Mort bought a property near Bodalla on the Tuross River to produce dairy products. He financed French engineer E.D.Nicolle's experiments in refrigeration. Together they formed the NSW Fresh Food and Ice Company. Mort sunk 100,000 pounds into it, making negligible profit. In 1877 to his bitter disappointment, the first attempt to transport refrigerated meat by ship failed. Mort died before seeing the first successful cargo of frozen meat leave Australia in 1879, dying the year before.

Five days after his death, Mort's employees took up a collection to raise a statue in his honour. Sculpted by Pierce S.Connolly, it l was unveiled by the then Governor, Lord Loftus before a huge crowd. It still graces Macquarie Place in the city, opposite the Royal Exchange and Lands Department buildings.

The T.S.Mort Memorial Church remains in Bodalla, family mausoleum in the nearby cemetery and his flamboyant home Greenoaks survive at Darling Point - the latter renamed Bishopscourt and housing Sydney's Anglican bishops since 1910. It is listed on the NSW State Heritage Register. As Greenoaks it was famed for its 7 acre garden (to a 1865 Horticultural Magazine : 'the leading and model private garden of NSW'). Mort was an ambitious horticulturist, giving patronage, land and employment to nurseryman Michael Guilfoyle and his son, William (something alone for which Australia owes him gratitude). He was president of the NSW Horticultural Society in the 1860s pursuing cacti hybridization. The Anglican Church subdivided and built flats immediately south of Bishopscourt and is currently considering selling the mansion block itself off.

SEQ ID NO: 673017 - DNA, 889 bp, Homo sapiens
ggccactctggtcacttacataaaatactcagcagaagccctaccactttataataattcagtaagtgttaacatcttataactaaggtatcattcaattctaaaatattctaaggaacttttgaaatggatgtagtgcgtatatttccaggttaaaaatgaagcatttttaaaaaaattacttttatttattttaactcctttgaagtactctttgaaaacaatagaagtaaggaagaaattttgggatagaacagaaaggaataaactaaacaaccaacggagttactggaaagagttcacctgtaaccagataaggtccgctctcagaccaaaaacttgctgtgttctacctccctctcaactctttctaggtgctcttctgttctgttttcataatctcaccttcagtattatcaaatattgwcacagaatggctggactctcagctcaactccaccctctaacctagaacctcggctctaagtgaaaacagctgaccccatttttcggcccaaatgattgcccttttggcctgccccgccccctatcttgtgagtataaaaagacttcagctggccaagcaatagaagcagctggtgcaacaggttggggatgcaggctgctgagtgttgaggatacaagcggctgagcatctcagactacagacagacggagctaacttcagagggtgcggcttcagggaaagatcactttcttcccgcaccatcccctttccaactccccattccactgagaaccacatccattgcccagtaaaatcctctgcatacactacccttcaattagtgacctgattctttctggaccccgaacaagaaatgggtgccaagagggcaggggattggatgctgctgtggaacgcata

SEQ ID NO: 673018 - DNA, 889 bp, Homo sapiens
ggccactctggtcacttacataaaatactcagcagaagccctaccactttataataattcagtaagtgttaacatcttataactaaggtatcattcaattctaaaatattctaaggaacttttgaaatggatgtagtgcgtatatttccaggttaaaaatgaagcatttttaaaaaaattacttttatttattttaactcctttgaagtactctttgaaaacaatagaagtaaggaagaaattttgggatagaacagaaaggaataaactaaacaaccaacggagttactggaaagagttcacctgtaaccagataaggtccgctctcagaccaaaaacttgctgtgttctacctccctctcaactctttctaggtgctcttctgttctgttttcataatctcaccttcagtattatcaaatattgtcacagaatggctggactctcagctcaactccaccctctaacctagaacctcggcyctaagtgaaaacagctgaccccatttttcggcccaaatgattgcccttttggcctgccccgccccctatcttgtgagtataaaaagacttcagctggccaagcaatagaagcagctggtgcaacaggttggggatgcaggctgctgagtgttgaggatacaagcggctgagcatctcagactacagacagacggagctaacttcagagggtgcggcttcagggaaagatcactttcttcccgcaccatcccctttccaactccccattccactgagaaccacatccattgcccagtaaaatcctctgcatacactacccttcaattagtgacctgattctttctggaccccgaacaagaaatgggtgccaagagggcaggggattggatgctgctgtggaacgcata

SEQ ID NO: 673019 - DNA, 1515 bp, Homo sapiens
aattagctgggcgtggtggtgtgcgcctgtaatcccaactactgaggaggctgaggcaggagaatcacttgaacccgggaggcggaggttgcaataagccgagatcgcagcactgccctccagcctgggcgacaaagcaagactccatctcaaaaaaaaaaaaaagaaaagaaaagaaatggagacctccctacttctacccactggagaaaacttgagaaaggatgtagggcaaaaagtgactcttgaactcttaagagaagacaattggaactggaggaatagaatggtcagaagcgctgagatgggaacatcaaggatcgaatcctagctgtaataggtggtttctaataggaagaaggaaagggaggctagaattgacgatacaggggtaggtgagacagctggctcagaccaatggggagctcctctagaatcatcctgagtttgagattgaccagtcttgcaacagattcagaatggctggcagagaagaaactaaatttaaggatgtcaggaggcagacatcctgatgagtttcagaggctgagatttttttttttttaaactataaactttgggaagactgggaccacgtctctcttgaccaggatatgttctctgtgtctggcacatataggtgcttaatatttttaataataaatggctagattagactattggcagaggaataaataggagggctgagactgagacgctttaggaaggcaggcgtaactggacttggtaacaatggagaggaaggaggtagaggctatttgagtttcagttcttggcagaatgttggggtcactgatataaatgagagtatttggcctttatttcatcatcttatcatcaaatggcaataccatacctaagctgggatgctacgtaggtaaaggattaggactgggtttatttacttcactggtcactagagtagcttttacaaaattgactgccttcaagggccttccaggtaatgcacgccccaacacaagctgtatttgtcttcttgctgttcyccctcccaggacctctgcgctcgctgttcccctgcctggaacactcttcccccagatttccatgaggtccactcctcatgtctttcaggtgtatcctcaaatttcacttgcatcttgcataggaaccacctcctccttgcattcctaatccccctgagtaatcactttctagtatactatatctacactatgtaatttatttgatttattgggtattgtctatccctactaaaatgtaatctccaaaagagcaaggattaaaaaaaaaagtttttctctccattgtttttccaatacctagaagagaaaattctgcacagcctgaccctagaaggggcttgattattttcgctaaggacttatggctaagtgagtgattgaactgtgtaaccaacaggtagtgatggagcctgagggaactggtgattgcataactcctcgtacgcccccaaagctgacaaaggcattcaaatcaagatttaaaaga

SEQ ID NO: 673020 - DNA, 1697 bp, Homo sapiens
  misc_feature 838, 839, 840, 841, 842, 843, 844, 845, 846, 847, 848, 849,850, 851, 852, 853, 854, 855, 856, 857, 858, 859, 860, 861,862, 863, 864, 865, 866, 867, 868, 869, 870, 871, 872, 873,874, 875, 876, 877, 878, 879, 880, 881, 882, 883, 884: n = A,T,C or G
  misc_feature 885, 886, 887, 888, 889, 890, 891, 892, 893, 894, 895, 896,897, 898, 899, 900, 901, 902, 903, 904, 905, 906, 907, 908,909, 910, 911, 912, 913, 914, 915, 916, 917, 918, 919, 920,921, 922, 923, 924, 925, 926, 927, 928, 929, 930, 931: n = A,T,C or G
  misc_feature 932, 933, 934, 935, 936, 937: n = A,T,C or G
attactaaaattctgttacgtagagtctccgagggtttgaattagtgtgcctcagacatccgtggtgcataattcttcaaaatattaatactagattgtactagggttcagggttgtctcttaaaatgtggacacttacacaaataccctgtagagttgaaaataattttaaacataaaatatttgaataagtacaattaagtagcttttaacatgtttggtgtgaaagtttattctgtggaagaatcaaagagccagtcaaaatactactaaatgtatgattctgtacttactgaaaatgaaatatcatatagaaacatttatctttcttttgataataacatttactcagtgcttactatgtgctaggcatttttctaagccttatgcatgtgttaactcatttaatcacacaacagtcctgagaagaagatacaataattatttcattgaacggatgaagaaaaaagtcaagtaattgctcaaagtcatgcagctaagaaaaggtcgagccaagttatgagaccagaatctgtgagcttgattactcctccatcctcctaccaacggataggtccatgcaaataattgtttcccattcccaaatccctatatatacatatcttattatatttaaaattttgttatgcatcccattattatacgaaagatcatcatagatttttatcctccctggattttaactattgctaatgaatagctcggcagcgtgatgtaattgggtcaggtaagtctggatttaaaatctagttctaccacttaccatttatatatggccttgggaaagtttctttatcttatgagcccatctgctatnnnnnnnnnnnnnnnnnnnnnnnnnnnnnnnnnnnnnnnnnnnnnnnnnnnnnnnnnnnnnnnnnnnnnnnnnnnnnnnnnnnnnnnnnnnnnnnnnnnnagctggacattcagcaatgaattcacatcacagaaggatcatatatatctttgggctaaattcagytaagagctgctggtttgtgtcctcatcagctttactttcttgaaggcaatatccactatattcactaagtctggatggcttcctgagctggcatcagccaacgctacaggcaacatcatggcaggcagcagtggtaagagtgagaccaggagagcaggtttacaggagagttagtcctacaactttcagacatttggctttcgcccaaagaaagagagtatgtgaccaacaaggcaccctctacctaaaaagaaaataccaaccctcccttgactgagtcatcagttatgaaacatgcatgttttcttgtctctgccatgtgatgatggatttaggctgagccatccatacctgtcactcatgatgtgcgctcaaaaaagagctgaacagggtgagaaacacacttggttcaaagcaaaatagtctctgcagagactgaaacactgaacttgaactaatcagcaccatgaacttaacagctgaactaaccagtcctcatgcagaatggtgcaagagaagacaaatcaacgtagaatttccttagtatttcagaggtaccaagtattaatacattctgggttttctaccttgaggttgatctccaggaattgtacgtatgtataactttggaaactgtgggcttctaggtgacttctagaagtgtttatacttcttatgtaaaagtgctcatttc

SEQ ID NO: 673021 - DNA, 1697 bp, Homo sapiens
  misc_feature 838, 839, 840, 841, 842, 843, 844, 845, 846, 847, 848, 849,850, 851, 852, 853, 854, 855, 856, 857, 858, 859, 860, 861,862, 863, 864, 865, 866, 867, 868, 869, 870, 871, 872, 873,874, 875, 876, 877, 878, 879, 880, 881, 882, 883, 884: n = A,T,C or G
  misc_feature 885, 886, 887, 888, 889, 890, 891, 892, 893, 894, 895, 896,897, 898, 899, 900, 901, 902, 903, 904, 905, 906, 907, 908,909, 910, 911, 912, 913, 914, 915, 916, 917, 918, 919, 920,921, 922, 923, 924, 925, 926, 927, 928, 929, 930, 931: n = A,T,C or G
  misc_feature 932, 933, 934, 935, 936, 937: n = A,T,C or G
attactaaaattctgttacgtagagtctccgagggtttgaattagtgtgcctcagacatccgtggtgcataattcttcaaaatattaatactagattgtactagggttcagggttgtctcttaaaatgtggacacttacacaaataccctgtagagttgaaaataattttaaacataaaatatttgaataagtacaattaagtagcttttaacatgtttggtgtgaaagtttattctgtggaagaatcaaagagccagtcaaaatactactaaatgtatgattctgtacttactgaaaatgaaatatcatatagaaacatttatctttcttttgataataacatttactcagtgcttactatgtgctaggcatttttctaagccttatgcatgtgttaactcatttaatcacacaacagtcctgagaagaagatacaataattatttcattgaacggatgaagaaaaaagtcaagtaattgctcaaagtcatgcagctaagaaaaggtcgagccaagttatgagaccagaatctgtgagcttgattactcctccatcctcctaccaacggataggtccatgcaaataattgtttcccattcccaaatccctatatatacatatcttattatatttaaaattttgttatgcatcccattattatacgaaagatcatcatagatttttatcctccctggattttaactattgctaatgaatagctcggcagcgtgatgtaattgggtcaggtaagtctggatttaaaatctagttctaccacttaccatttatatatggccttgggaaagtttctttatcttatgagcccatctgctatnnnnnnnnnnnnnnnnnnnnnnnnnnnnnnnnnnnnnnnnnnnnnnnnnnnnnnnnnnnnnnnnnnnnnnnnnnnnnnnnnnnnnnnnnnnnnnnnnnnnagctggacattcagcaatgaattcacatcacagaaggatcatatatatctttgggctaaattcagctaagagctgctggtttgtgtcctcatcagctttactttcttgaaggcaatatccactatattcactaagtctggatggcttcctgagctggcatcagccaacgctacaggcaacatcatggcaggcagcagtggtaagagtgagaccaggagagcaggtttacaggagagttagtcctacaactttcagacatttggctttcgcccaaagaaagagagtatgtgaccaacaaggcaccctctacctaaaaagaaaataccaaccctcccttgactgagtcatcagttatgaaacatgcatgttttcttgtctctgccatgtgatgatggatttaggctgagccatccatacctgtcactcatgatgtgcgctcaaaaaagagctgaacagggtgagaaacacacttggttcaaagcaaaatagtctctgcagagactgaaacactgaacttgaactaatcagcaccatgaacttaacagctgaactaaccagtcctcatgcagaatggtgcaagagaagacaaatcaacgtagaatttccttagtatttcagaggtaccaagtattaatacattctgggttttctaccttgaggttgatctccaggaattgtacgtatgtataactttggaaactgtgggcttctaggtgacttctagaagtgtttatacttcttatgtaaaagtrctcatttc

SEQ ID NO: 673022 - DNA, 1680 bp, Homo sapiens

In 1901 the company opened a second dry dock and slipway at Woolwich to cater for increased demand and by 1917 the Dock had built 39 steamships, 7 Manly ferries, pumping engines for the Waverley and Crown Street reservoirs and the ironwork for the Sydney GPO. In the interwar period an iron foundry was constructed, a slipway and floating dock purchased and it had a virtual monopoly on local industry (Read, 2011, 2-3).

The outbreak of World War II proved to be a boom time for Mort's Dock. The 1920s and 1930s had seen a decline in the Royal Australian Navy with few vessels constructed and older ships sold off or scrapped. Japan's entry into the war led to a sudden demand for coastal protection and increased offensive power in the Pacific Ocean.

Between 1940 and 1945, Mort's Dock constructed 14 of the 60 Bathurst class Corvettes built in Australia, 4 of the 12 River Class frigates, and a 1000 ton capacity floating dock.

The dock's death knell was introduction of container shipping in the 1960s. Mort's company fell into liquidation in 1959. The site was purchased by ANL in 1960, its buildings demolished, the dock filled in for new wharves in 1965 to create its newest container facility. The backfill preserved the dry dock and other in situ remains providing a high archaeological potential and fabric integrity.